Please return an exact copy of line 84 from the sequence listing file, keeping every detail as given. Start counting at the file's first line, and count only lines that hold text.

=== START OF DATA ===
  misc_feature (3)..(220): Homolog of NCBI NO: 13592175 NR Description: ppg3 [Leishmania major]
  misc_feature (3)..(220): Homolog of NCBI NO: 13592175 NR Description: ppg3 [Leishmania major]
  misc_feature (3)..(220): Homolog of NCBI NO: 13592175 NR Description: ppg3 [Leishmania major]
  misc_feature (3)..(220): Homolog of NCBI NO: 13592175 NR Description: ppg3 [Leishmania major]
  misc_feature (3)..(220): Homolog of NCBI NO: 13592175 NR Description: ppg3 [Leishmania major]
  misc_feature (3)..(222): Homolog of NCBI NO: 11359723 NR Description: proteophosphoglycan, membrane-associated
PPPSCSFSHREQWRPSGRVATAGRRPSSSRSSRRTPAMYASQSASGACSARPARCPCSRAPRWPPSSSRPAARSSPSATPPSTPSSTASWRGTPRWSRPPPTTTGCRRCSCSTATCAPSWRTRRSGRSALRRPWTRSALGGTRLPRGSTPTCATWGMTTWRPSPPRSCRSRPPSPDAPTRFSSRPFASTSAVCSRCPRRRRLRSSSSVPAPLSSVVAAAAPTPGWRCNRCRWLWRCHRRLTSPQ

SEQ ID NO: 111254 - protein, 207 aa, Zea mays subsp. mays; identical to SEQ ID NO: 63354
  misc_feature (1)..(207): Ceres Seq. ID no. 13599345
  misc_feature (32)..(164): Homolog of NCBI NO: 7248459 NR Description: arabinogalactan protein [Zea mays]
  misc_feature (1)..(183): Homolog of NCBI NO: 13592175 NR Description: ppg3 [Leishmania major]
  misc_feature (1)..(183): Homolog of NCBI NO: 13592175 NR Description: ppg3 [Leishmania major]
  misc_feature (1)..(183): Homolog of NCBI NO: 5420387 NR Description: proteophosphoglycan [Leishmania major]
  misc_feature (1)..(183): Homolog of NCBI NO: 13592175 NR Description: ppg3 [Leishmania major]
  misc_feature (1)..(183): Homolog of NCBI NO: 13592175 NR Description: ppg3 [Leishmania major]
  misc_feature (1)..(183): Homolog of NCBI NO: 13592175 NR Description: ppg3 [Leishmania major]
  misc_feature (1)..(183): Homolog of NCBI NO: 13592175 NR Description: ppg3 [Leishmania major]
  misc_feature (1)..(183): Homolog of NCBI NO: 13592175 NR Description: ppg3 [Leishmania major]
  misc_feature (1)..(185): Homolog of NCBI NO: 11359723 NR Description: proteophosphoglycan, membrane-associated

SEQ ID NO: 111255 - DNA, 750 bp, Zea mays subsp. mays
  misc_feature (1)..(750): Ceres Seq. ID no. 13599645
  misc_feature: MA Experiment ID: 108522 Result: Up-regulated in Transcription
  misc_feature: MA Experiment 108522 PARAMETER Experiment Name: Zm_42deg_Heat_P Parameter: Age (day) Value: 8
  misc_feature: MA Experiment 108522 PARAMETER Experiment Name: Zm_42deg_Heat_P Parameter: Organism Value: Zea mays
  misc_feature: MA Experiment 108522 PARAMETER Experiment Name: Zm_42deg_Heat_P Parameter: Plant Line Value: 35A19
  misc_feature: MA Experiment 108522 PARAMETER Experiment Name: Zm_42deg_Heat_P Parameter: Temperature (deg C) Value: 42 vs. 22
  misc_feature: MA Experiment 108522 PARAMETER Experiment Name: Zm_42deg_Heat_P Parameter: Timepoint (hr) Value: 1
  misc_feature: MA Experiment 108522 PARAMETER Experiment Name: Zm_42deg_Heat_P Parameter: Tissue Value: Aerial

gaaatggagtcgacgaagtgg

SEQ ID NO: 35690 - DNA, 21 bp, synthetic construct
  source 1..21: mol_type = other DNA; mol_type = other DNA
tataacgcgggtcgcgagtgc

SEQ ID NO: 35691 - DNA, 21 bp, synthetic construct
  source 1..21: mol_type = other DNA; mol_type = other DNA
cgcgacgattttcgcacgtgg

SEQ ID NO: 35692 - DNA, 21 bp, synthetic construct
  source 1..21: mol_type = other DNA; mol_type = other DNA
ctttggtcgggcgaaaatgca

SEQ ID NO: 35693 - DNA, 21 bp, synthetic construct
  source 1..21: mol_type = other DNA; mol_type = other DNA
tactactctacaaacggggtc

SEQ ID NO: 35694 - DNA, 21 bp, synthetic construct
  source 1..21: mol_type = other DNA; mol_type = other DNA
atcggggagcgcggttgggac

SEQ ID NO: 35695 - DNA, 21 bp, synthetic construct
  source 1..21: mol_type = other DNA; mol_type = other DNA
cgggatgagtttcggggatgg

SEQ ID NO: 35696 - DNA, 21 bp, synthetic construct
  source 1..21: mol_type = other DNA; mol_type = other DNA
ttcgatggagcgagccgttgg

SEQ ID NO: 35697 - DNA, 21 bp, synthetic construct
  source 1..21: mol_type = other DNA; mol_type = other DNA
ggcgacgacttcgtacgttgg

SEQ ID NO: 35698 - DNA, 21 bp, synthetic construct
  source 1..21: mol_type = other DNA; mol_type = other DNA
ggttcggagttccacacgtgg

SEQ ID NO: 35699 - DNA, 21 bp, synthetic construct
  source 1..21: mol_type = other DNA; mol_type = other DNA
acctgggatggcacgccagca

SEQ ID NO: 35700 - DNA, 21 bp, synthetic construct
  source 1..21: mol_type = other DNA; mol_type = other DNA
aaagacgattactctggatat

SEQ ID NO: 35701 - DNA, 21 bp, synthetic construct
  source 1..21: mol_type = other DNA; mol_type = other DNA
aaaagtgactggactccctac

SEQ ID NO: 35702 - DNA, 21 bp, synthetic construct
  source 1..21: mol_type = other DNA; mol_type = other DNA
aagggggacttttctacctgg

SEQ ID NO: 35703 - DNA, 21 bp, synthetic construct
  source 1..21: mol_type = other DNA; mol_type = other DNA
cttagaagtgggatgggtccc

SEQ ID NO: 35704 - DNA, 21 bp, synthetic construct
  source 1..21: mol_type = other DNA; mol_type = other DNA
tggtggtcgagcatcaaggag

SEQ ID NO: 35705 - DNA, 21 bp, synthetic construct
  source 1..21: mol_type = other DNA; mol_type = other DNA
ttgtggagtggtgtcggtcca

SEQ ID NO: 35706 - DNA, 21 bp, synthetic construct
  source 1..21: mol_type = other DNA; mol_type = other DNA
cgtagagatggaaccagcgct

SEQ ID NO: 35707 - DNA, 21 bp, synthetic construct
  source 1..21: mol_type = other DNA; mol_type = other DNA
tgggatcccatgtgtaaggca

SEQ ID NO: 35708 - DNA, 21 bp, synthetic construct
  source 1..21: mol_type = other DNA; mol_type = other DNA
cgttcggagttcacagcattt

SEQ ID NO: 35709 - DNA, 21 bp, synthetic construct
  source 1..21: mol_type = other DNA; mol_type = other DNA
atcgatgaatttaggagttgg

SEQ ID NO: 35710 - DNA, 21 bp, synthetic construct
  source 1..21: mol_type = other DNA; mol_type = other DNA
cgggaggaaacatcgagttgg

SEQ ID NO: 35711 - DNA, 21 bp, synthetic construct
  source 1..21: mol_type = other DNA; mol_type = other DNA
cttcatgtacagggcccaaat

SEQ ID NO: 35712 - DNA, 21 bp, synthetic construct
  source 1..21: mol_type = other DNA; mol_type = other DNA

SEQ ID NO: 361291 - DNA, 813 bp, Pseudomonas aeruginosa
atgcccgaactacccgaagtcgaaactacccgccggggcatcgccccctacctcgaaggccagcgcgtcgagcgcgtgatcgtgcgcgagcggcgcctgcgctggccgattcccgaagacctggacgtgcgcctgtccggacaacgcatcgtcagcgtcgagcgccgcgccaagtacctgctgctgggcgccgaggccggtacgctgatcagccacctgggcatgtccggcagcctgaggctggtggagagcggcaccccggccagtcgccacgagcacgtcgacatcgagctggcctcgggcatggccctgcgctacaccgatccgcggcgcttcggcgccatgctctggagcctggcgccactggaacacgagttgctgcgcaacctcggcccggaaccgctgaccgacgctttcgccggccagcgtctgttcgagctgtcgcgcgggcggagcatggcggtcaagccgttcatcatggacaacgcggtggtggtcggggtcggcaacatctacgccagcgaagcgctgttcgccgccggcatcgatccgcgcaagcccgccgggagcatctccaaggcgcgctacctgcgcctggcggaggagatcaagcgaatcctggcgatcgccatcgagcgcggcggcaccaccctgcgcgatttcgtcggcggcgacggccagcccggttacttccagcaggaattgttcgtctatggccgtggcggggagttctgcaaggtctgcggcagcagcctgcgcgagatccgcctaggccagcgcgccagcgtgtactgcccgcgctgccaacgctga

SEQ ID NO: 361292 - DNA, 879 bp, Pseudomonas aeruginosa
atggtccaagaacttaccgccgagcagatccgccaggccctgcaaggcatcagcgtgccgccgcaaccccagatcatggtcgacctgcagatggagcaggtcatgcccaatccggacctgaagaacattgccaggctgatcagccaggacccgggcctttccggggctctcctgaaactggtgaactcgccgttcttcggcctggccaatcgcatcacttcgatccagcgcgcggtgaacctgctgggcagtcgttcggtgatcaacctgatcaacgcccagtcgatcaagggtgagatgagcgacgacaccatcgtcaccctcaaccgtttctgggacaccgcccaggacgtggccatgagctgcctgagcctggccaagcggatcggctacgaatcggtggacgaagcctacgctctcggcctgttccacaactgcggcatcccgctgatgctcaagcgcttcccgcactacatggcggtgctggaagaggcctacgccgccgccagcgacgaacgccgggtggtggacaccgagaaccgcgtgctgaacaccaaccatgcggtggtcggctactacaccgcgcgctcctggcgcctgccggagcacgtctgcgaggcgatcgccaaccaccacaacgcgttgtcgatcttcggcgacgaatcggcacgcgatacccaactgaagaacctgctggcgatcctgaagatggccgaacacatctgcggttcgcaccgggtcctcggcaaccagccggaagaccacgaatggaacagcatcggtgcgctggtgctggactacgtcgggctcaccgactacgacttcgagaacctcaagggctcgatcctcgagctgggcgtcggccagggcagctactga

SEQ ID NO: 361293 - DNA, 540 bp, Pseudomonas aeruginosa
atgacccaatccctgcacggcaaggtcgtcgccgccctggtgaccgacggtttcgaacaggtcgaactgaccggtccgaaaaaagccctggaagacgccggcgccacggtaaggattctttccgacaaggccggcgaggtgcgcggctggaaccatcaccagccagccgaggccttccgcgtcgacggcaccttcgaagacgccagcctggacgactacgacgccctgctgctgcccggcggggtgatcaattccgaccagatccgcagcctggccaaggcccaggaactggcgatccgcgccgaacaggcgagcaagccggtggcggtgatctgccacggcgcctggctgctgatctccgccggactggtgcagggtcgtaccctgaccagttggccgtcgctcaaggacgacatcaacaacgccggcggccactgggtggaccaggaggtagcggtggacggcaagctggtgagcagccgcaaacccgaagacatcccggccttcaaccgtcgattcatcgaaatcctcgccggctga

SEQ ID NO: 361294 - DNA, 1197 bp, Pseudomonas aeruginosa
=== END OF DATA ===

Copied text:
SEQ ID NO: 35708 - DNA, 21 bp, synthetic construct